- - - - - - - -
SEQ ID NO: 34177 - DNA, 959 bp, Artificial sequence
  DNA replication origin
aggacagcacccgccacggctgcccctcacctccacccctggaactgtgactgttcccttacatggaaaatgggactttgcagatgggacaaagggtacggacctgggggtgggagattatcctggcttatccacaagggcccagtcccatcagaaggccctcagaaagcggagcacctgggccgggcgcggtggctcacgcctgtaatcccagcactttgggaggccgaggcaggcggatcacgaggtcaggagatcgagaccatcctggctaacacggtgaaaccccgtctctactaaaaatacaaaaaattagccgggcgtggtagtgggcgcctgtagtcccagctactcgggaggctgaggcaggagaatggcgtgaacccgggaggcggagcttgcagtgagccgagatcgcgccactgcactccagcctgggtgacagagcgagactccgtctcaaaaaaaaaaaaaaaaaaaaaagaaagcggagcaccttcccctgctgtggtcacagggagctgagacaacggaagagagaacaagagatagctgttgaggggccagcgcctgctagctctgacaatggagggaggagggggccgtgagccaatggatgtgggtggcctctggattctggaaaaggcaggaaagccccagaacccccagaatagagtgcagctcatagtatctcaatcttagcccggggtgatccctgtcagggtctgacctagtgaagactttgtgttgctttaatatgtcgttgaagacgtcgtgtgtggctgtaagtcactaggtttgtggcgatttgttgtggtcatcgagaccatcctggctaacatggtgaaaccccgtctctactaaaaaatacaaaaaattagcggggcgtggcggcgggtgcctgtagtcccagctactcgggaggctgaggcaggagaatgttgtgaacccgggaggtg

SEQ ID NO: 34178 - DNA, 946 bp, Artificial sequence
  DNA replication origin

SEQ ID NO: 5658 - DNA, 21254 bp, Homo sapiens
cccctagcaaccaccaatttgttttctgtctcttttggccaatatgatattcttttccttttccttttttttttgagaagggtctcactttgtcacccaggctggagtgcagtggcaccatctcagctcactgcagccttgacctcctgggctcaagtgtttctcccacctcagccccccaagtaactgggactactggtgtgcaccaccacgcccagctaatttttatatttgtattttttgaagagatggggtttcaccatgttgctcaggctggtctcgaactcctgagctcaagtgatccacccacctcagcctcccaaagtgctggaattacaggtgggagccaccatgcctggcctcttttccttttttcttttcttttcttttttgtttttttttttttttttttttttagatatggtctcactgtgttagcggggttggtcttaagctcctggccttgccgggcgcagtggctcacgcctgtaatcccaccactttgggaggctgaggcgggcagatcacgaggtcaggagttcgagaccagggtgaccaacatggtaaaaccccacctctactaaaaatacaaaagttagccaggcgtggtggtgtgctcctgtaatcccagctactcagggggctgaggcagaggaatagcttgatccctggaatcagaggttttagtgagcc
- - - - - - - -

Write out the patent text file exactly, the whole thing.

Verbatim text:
SEQ ID NO: 34177 - DNA, 959 bp, Artificial sequence
  DNA replication origin
aggacagcacccgccacggctgcccctcacctccacccctggaactgtgactgttcccttacatggaaaatgggactttgcagatgggacaaagggtacggacctgggggtgggagattatcctggcttatccacaagggcccagtcccatcagaaggccctcagaaagcggagcacctgggccgggcgcggtggctcacgcctgtaatcccagcactttgggaggccgaggcaggcggatcacgaggtcaggagatcgagaccatcctggctaacacggtgaaaccccgtctctactaaaaatacaaaaaattagccgggcgtggtagtgggcgcctgtagtcccagctactcgggaggctgaggcaggagaatggcgtgaacccgggaggcggagcttgcagtgagccgagatcgcgccactgcactccagcctgggtgacagagcgagactccgtctcaaaaaaaaaaaaaaaaaaaaaagaaagcggagcaccttcccctgctgtggtcacagggagctgagacaacggaagagagaacaagagatagctgttgaggggccagcgcctgctagctctgacaatggagggaggagggggccgtgagccaatggatgtgggtggcctctggattctggaaaaggcaggaaagccccagaacccccagaatagagtgcagctcatagtatctcaatcttagcccggggtgatccctgtcagggtctgacctagtgaagactttgtgttgctttaatatgtcgttgaagacgtcgtgtgtggctgtaagtcactaggtttgtggcgatttgttgtggtcatcgagaccatcctggctaacatggtgaaaccccgtctctactaaaaaatacaaaaaattagcggggcgtggcggcgggtgcctgtagtcccagctactcgggaggctgaggcaggagaatgttgtgaacccgggaggtg

SEQ ID NO: 34178 - DNA, 946 bp, Artificial sequence
  DNA replication origin

SEQ ID NO: 5658 - DNA, 21254 bp, Homo sapiens
cccctagcaaccaccaatttgttttctgtctcttttggccaatatgatattcttttccttttccttttttttttgagaagggtctcactttgtcacccaggctggagtgcagtggcaccatctcagctcactgcagccttgacctcctgggctcaagtgtttctcccacctcagccccccaagtaactgggactactggtgtgcaccaccacgcccagctaatttttatatttgtattttttgaagagatggggtttcaccatgttgctcaggctggtctcgaactcctgagctcaagtgatccacccacctcagcctcccaaagtgctggaattacaggtgggagccaccatgcctggcctcttttccttttttcttttcttttcttttttgtttttttttttttttttttttttagatatggtctcactgtgttagcggggttggtcttaagctcctggccttgccgggcgcagtggctcacgcctgtaatcccaccactttgggaggctgaggcgggcagatcacgaggtcaggagttcgagaccagggtgaccaacatggtaaaaccccacctctactaaaaatacaaaagttagccaggcgtggtggtgtgctcctgtaatcccagctactcagggggctgaggcagaggaatagcttgatccctggaatcagaggttttagtgagcc